Articles Tagged: Spinal Cord Injury Recovery
Published: February 7, 2006 | Category: News
DALLAS — It takes a body harness, a sophisticated exoskeleton and a quarter-million-dollar treadmill, but Albert Pruitt walks.
Pruitt, who has been partially paralyzed since 1976, is taking small steps, literally and figuratively, at the University of Texas Southwestern Medical Center’s Spinal Cord Injury Lab.
“It’s almost like having a sense of freedom,” says Pruitt, 44, who works for a software design company in Dallas. “It makes me feel better all around. Just feeling the sensation of walking is such a confidence-builder.” Continue Reading »
Published: February 5, 2006 | Category: News
Nat Little gently wraps his arms around Tamela Johnston and squeezes with all the strength he can muster.
“Good,” the personal trainer tells him. “It’s getting stronger.”
A simple hug is a big step for the former Carrollton R.L. Turner High School football player, who was paralyzed from the neck down in a spring football game 1 ½ years ago.
Thanks to the help of strangers, friends and family, Nat is on the road to recovery – one small step at a time. Continue Reading »
Published: February 1, 2006 | Category: News
DETROIT — If you were looking for the most meaningful story of Super Bowl week, it wasn’t at the NFL’s annual Media Day extravaganza yesterday, where thousands of reporters gathered to question the Seahawks and Steelers.
The best story was a mile away, where one of the most inspirational players to ever put on a helmet sat in a wheelchair at the Rehabilitation Institute of Michigan. Continue Reading »
In recent years, a variety of aggressive physical Rehabilitation programs have emerged that seem to restore significant function for many people after spinal cord injury (SCI), even years after injury. This article discusses several of the programs, as well as key issues surrounding their use. Continue Reading »
Published: January 30, 2006 | Category: News
Therapy could help restore some function, some studies suggest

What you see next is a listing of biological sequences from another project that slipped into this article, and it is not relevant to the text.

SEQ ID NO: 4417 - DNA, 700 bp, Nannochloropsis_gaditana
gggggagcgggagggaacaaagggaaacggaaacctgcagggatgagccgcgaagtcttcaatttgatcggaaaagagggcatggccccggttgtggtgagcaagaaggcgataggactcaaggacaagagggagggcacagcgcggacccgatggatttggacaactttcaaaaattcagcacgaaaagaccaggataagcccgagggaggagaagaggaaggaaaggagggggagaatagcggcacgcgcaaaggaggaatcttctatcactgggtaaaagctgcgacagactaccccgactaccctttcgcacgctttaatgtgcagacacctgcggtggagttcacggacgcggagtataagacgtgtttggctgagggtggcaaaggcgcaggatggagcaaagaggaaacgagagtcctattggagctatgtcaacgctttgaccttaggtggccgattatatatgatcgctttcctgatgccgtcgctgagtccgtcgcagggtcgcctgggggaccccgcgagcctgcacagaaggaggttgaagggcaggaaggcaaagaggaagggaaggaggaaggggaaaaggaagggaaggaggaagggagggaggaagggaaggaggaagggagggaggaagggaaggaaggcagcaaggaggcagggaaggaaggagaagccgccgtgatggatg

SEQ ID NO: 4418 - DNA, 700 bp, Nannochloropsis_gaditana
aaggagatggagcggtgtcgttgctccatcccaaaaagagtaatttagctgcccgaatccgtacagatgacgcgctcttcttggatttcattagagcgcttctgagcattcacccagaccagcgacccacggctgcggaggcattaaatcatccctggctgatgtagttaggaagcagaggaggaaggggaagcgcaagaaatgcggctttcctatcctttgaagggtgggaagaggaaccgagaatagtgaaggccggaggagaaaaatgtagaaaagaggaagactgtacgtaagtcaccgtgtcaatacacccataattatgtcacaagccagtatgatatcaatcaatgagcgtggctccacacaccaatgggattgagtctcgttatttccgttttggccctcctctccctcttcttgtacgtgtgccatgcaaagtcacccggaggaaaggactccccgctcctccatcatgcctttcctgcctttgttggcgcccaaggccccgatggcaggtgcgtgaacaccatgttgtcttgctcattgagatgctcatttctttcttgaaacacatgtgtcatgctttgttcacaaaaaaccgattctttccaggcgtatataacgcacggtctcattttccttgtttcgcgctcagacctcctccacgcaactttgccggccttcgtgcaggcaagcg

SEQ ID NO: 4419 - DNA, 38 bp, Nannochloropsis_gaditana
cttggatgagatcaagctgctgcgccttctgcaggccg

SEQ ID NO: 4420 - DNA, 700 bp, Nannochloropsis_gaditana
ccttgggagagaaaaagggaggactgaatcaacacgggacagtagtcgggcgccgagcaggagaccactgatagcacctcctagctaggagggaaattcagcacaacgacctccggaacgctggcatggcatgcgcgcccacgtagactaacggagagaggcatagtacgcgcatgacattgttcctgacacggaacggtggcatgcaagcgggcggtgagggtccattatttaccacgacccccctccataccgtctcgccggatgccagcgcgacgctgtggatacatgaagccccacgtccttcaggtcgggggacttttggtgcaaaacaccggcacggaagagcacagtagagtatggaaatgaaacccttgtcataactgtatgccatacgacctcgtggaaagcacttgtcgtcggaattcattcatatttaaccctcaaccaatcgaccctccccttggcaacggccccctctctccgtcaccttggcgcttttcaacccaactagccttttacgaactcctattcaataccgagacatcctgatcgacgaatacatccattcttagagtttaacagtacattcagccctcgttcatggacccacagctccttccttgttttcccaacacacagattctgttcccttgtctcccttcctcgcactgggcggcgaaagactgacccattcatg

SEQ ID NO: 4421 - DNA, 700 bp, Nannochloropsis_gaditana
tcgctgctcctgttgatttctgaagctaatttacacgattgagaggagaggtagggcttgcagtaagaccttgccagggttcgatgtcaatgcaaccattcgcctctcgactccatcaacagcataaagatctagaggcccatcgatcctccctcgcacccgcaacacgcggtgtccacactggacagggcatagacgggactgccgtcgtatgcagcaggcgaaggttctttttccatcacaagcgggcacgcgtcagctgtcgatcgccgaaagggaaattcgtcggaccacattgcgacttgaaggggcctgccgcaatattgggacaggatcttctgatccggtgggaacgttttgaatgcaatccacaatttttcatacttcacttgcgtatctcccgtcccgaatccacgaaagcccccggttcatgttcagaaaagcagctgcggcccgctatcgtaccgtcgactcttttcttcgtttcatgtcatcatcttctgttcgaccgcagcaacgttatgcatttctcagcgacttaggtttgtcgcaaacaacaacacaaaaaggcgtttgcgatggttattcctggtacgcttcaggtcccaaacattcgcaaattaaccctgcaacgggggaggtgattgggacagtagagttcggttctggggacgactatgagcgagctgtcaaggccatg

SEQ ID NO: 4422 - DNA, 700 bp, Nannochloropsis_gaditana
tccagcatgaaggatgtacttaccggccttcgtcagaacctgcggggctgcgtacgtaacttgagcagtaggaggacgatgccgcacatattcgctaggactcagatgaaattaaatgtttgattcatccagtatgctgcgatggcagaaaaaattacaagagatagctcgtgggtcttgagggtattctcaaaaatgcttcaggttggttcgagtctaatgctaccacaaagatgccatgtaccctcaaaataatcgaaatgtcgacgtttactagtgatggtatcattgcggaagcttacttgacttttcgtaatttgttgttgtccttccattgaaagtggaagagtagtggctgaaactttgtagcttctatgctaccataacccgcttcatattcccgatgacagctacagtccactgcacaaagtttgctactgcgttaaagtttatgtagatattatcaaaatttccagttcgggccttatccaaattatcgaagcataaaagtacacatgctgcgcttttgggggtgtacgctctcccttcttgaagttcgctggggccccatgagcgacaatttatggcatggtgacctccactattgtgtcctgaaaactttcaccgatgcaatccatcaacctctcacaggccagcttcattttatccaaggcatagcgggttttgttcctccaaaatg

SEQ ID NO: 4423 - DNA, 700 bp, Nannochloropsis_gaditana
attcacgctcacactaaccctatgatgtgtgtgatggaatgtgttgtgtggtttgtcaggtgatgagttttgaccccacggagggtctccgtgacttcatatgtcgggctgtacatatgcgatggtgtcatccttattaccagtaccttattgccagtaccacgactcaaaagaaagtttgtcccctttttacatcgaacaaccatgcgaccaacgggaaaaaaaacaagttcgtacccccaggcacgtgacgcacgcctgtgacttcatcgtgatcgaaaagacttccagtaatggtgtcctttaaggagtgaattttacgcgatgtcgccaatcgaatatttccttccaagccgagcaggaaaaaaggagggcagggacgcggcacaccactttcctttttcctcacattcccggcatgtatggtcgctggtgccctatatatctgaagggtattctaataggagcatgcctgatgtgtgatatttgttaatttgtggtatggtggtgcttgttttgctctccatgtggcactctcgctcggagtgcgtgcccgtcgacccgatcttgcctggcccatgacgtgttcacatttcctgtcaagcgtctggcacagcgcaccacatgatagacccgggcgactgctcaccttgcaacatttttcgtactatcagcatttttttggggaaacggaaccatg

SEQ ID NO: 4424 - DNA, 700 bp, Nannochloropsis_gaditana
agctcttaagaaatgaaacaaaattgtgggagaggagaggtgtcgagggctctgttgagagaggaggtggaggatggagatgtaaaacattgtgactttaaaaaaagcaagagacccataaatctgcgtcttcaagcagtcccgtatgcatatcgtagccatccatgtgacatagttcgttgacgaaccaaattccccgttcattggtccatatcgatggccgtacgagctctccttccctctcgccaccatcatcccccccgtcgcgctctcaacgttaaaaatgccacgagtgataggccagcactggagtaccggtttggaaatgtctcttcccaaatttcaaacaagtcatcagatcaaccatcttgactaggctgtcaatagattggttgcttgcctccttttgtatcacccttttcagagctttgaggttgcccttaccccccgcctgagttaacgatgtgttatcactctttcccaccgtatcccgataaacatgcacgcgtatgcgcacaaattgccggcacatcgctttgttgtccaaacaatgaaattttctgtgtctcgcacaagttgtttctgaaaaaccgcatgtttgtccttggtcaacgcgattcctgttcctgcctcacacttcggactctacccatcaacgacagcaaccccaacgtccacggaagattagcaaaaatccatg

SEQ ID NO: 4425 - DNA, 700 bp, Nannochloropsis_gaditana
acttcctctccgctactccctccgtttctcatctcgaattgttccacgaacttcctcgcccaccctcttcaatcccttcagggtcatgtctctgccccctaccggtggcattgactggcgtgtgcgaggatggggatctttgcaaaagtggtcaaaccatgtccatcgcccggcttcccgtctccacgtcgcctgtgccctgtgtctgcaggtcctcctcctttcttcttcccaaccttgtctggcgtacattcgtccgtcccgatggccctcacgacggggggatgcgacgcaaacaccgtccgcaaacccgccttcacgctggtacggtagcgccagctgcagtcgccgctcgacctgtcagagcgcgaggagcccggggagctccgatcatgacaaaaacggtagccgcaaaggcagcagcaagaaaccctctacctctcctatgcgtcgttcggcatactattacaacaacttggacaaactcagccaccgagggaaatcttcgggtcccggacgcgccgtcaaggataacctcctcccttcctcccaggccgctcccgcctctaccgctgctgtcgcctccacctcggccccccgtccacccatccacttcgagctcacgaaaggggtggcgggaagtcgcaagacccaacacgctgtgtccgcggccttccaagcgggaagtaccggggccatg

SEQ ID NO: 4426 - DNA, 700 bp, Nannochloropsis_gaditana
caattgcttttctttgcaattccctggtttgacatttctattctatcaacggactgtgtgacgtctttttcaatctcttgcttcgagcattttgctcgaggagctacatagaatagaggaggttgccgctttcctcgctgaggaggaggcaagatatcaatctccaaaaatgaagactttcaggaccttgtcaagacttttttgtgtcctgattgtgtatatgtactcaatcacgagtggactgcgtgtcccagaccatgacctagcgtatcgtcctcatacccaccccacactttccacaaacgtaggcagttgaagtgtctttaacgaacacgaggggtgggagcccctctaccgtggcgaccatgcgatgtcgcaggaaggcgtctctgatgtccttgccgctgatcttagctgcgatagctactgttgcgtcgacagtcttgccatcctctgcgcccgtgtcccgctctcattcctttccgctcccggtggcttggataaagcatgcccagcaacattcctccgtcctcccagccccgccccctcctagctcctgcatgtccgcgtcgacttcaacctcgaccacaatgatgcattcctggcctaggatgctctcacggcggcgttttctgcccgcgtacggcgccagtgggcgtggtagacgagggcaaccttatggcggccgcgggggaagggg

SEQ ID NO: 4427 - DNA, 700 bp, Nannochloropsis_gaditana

Vibrating tingles of electricity worm into the thin legs of paralyzed children, pulling at their muscles to pump up and down on a special bicycle.
It’s called electrical stimulation exercise therapy, and small but tantalizing studies suggest that this intense rehab just might help restore some function to people with spinal cord injuries, even if they were paralyzed long ago. Continue Reading »
Published: January 25, 2006 | Category: News
A homecoming for a young tornado victim.
Thirteen-year-old William Pfingston suffers from a paralyzing spinal cord injury when a twister tore through the Eastbrook mobile home park.
After months of treatment at an Indianapolis hospital, William is now back home in Evansville.
It’s been an exhausting few months for the Pfingston family. William’s battle to recover has taken an emotional toll. Continue Reading »
Published: January 14, 2006 | Category: News
Thomas “Jay” Harn is just 16, but he’s had a passion for hunting since he was barely kindergarten age.
On Nov. 5, the Banks County High School student was doing what he loved best, deer hunting in Middle Georgia’s Hancock County.
Then one misstep changed his life forever. Leaning out of a deer stand, he somehow fell forward, somersaulted in the air and landed on his back more than 10 feet below. Continue Reading »
Published: January 12, 2006 | Category: News
Hwang Woo-suk’s reputation, and the hopes of millions of disabled people, balanced precariously on the outcome of the investigation into his alleged cloning successes. Longing for a cure for paralysis, I held out a faint hope that Seoul National University’s final report, released Tuesday, would clear Hwang’s name and allow him to continue his research.
On the count of fabricating data about 11 tailor-made embryonic stem-cell lines in 2005: guilty. On the count of lying in 2004 about being the first scientist in the world to derive human cloned embryonic stem cells: guilty. Continue Reading »
Published: January 11, 2006 | Category: News
College student ready to undergo experimental stem cell transplant
MISHAWAKA — Joey McTigue relies on his muscular shoulders and arms to pull himself down the lane of the Memorial Hospital’s rehab pool. Leg power isn’t available. A float holds his knees together and keeps his legs from sinking.
It really doesn’t matter how fast he goes. Speed is no longer the main goal for the former Michiana Soccer Association standout.
Instead, his workouts are about time. Continue Reading »
Published: January 10, 2006 | Category: News
NEW YORK — Having spent 23 years in a wheelchair, Wall Street analyst Henry Stifel keeps a close eye on spinal cord research. And he says the latest scientific scandal in South Korea has not dimmed his hope that stem cells may one day help people like him.
“Some research was discredited. It doesn’t discredit all the research that’s been achieved,” said Stifel, who is quadriplegic. Continue Reading »